I have to read this a couple of times and reading a few texts should help me .

Its so nice to finally have a grasp of all the necessary fundamentals before i can delve a bit more deep into this subject

All these information should be very helpful in the future

Thanks

]]>There are two skills at work here: (1) having a pair of brackets and multiplying them to get a sum of terms and (2) reversing this by starting with the (quadratic) expression and putting it back into brackets as a pair of factors. I think it is easier to learn to do (1) before (2)

You'll find (1) here: http://www.mathsisfun.com/algebra/polyn … lying.html

So how do we get 6x² + 19x + 15 back into brackets.

Here's a diagram for this:

6x² could have come from 1x times 6x or from 2x times 3x.

15 could have come from 1 times 15 or from 3 times 5.

Only the correct choices above will give the correct middle term of 19x. I quickly try out all the combinations to see which works.

Bob

ps. You'll notice I wrote 'times' rather than use a cross: 'x'. Unfortunately mathematicians like using 'x' for an unknown amount, and also as the multiplication sign. This could lead to confusion. So in algebraic expressions the multiply sign is often left out completely. This is why 2 times x is written as 2x. No times sign at all.

And 6 times x times x is written as 6x² (say: six ex squared)

]]>If you write a polynomial as the product of two or more polynomials, you have factored the polynomial.

Here is an example:

how do i factor a polynomial ?

can somebody explain this step in detail ?

]]>I will do one thing , this looks like a right time to go through the whole book .

I will come back and ask more doubts once i finish that book properly

Thanks for the help and explanations

]]>I don't want to be discouraging but are you familiar with the expression "trying to run before you can walk" ?

We can get to that example eventually, but there's a lot to do first.

How much algebra have you done already? Please post an example of what you can do.

Bob

]]>This part was a bit confusing .

In your other post about primes we looked at lots of number factors.

In your algebra book you are going to look at algebraic factors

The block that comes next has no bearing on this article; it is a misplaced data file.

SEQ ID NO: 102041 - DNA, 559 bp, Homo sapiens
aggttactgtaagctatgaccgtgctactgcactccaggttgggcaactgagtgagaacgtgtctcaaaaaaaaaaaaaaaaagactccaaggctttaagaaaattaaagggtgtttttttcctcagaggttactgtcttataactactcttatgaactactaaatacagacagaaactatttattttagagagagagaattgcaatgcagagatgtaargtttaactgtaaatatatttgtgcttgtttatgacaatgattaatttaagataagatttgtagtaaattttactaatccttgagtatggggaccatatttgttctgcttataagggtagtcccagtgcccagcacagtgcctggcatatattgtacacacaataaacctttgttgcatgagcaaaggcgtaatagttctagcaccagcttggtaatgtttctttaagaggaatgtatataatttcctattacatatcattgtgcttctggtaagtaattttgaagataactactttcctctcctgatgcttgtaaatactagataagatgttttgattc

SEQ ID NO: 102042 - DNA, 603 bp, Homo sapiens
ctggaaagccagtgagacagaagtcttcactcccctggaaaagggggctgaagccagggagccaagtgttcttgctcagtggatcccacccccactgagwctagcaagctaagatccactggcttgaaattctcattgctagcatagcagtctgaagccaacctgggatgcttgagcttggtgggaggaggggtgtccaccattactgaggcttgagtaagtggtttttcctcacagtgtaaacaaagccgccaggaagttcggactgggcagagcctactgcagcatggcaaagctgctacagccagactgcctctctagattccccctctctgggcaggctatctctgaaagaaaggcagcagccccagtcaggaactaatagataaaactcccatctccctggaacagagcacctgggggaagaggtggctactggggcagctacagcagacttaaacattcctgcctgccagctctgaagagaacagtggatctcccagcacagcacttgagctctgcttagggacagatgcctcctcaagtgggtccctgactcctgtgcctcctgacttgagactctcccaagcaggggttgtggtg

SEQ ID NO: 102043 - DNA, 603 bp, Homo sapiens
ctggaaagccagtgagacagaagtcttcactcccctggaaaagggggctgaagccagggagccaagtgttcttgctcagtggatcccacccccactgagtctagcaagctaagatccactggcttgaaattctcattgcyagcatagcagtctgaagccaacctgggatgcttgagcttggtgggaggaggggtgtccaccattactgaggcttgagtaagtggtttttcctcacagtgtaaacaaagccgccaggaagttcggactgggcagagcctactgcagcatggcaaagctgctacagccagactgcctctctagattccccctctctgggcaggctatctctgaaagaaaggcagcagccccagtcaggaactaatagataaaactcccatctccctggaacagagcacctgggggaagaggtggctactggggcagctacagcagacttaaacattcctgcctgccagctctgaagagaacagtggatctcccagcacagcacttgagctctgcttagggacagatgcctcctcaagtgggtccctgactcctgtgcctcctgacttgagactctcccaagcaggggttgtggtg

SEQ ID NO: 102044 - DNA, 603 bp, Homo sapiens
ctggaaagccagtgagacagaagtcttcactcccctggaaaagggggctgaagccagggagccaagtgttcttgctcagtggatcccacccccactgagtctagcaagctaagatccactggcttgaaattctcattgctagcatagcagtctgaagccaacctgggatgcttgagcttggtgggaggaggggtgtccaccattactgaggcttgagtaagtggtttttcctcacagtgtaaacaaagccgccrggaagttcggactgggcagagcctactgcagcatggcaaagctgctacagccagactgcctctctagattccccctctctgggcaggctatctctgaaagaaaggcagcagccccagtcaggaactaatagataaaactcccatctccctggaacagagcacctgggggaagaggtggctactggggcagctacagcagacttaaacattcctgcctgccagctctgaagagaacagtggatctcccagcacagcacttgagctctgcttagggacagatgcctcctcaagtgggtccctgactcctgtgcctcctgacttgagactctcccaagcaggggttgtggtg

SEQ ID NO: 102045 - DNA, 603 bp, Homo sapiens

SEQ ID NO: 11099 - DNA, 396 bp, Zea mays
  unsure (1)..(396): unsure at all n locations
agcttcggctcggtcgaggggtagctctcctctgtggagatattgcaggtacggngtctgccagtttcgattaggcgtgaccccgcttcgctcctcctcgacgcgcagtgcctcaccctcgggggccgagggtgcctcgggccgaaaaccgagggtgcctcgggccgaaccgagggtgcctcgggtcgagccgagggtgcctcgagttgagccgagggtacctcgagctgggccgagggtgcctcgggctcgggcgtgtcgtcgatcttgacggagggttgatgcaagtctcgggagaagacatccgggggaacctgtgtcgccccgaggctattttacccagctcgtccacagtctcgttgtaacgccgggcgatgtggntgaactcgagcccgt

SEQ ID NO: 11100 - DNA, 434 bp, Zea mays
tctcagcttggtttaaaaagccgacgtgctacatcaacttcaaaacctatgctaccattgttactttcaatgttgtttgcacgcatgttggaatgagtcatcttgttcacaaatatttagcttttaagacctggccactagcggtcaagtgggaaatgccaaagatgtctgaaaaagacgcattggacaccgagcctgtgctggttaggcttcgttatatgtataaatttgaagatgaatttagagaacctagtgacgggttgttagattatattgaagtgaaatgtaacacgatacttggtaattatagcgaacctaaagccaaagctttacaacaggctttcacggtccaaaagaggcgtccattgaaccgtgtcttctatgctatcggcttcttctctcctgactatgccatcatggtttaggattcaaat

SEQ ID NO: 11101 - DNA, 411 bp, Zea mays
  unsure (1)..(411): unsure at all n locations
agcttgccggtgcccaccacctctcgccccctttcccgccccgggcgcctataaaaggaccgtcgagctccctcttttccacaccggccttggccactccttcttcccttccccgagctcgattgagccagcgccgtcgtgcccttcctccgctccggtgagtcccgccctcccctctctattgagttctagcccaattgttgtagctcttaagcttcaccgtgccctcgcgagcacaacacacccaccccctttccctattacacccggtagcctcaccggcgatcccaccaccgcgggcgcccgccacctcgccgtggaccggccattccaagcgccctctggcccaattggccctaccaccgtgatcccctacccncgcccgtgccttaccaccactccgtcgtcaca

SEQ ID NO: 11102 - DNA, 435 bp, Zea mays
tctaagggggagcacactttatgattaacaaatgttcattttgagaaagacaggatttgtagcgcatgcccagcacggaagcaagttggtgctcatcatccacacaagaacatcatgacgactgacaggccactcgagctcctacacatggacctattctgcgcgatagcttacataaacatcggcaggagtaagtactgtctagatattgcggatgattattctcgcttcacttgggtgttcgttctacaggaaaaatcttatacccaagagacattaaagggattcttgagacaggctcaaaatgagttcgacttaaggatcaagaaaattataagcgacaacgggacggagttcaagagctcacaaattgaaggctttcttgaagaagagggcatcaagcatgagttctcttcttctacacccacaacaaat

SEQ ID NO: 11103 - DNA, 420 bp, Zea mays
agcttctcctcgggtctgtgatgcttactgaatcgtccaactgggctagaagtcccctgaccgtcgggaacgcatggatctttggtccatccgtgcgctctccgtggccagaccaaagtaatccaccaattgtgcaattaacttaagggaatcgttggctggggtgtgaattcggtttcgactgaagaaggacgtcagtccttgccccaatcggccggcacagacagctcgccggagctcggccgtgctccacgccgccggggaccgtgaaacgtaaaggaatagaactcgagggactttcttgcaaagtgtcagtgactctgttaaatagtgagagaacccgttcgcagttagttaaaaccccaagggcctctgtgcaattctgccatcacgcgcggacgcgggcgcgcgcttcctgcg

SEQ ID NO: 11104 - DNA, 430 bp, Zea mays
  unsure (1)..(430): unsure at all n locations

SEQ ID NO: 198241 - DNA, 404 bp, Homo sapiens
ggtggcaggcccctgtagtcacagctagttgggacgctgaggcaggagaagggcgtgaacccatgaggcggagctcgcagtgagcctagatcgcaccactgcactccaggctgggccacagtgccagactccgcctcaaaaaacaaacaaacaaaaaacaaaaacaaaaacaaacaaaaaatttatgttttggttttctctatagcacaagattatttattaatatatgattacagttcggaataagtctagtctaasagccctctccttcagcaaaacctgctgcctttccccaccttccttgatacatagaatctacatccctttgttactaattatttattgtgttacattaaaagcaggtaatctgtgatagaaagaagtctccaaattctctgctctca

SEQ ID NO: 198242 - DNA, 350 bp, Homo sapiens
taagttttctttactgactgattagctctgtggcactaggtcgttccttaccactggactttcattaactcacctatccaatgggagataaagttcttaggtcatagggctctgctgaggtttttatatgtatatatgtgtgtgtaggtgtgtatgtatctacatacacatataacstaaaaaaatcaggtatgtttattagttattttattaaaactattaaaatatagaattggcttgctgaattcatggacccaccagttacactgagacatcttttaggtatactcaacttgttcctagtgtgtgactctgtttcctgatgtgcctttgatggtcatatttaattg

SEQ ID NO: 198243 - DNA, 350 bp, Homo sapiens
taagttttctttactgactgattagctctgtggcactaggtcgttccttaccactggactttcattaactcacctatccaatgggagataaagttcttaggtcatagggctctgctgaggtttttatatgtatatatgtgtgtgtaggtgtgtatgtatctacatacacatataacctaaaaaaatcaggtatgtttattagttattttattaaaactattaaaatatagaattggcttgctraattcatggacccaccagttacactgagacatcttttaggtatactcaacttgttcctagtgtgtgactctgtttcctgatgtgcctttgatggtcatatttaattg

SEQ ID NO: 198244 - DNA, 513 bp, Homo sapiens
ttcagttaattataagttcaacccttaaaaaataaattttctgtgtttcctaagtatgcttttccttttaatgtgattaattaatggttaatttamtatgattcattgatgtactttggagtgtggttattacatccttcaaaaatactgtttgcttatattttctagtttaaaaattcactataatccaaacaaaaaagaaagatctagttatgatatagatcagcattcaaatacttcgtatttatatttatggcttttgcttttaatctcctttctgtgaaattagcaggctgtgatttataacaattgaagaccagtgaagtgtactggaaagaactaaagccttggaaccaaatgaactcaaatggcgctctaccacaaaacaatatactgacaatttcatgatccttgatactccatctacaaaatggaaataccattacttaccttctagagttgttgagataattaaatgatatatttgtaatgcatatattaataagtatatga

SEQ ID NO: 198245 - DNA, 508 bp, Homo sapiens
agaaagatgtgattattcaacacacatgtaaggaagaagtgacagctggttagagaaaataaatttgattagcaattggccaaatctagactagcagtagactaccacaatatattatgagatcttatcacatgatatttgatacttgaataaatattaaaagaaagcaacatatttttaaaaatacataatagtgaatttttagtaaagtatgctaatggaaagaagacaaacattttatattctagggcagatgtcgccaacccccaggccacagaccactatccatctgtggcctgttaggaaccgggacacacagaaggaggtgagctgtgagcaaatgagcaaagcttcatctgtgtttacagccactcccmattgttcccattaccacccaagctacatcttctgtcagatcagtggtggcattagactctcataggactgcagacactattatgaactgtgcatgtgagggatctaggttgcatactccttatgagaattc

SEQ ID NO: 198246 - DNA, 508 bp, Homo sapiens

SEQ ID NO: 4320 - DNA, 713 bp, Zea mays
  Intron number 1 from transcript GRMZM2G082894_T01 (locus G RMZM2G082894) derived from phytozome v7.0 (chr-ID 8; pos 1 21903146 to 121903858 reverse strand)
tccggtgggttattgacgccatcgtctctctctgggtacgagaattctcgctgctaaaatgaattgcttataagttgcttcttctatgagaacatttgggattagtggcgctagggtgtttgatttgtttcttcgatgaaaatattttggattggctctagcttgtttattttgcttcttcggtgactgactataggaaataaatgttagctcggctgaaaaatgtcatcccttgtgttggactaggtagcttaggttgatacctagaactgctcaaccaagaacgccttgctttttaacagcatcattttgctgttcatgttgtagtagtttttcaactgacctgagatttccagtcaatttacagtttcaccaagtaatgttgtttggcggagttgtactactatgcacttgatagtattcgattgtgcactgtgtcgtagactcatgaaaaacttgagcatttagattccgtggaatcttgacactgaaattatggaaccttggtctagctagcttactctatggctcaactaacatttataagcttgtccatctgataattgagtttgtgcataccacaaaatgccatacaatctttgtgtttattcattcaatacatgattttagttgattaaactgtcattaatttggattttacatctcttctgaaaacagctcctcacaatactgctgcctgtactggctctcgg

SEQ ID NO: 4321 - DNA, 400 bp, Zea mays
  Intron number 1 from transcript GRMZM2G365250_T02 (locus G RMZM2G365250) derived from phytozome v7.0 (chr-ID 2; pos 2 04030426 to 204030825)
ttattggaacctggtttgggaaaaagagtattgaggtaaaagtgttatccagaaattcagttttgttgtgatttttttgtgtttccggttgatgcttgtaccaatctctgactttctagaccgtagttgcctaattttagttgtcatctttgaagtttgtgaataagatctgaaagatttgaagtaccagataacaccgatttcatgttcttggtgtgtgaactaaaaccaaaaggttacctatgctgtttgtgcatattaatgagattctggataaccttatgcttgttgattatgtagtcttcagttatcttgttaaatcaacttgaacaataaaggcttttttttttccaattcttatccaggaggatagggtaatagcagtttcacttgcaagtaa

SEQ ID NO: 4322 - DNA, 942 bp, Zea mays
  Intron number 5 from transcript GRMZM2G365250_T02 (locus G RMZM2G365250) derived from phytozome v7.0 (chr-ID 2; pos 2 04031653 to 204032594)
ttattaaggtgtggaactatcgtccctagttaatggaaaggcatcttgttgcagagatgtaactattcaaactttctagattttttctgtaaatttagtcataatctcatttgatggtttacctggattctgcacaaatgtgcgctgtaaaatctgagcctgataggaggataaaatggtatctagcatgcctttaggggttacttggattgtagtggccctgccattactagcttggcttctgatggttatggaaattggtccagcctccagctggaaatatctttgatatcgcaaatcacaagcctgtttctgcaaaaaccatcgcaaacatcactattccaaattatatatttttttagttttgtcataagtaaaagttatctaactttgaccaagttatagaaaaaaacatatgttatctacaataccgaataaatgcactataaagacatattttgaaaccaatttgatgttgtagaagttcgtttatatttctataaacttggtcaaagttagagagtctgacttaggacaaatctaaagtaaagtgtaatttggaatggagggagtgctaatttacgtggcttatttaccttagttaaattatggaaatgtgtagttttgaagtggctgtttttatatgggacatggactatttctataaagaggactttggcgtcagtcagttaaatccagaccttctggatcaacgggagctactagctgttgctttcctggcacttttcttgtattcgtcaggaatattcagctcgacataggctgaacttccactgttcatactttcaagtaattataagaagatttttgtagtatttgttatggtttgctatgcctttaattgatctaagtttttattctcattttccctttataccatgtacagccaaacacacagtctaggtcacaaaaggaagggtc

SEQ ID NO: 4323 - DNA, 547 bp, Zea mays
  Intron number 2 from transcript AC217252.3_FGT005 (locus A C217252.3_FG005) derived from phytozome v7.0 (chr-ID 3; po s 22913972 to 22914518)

I found this somewhere else ,

Factoring and Roots of Polynomials

What is factoring?

If you write a polynomial as the product of two or more polynomials, you have factored the polynomial.

Here is an example:

I am looking for ways to improve these factoring techniques .

I am not sure how to improve this part .

If {something} times {another_something} = {yet_another_something} then {something} and {another_something} are **factors** of {yet_another_something}

eg. We know that 2 x 6 = 12. 2 and 6 are factors of 12.

In your other post about primes we looked at lots of number factors. In your algebra book you are going to look at algebraic factors

... stuff like 2y + 6z = 2 times (y + 3z)

This started with two things added together and has landed up with two things multiplied together. That is what algebraic factorisation is about. You'll notice it is in part II. I think you need to do part I first. Then it'll be easier.

Bob

EDIT AFTER I READ YOUR POST:

There's a great way to learn about solving equations here:

]]>Not sure , where to start ?

]]>And i am somewhere around that part , Part 2 :Figuring out factoring .

and this word factoring comes up in various forms, and i am bit confused .

is it prime factoring again ?

]]>You mean you want to factor a polynomial? Can you provide an example of what you mean?

]]>Prime Numbers

The first few prime numbers are 2, 3, 5, 7, 11, 13 .

A prime number is a positive integer which has no factors other than 1 and itself. 1 itself, by definition, is not a prime number.

Prime numbers cant be divided any further and thus can be thought of as the atoms of numbers.

Any number which is not prime can be written as the product of prime numbers, we simply keep dividing it into more parts until all factors are prime84 = 2 x 2 x 3 x 7

Prime Factor

A factor that is a prime number: one of the prime numbers that, when multiplied, give the original number.

Example: The prime factors of 15 are 3 and 5 (3×5=15, and 3 and 5 are prime numbers)

Greatest common factor (GCF)

The greatest common factor, or GCF, is the greatest factor that divides two numbers. To find the GCF of two numbers:

List the prime factors of each number.

Multiply those factors both numbers have in common. If there are no common prime factors, the GCF is 1.Least common multiple (LCM)

A common multiple is a number that is a multiple of two or more numbers. The common multiples of 3 and 4 are 0, 12, 24, ....

The least common multiple (LCM) of two numbers is the smallest number (not zero) that is a multiple of both.

Which one of these is frequently used in polynomial factorization ?

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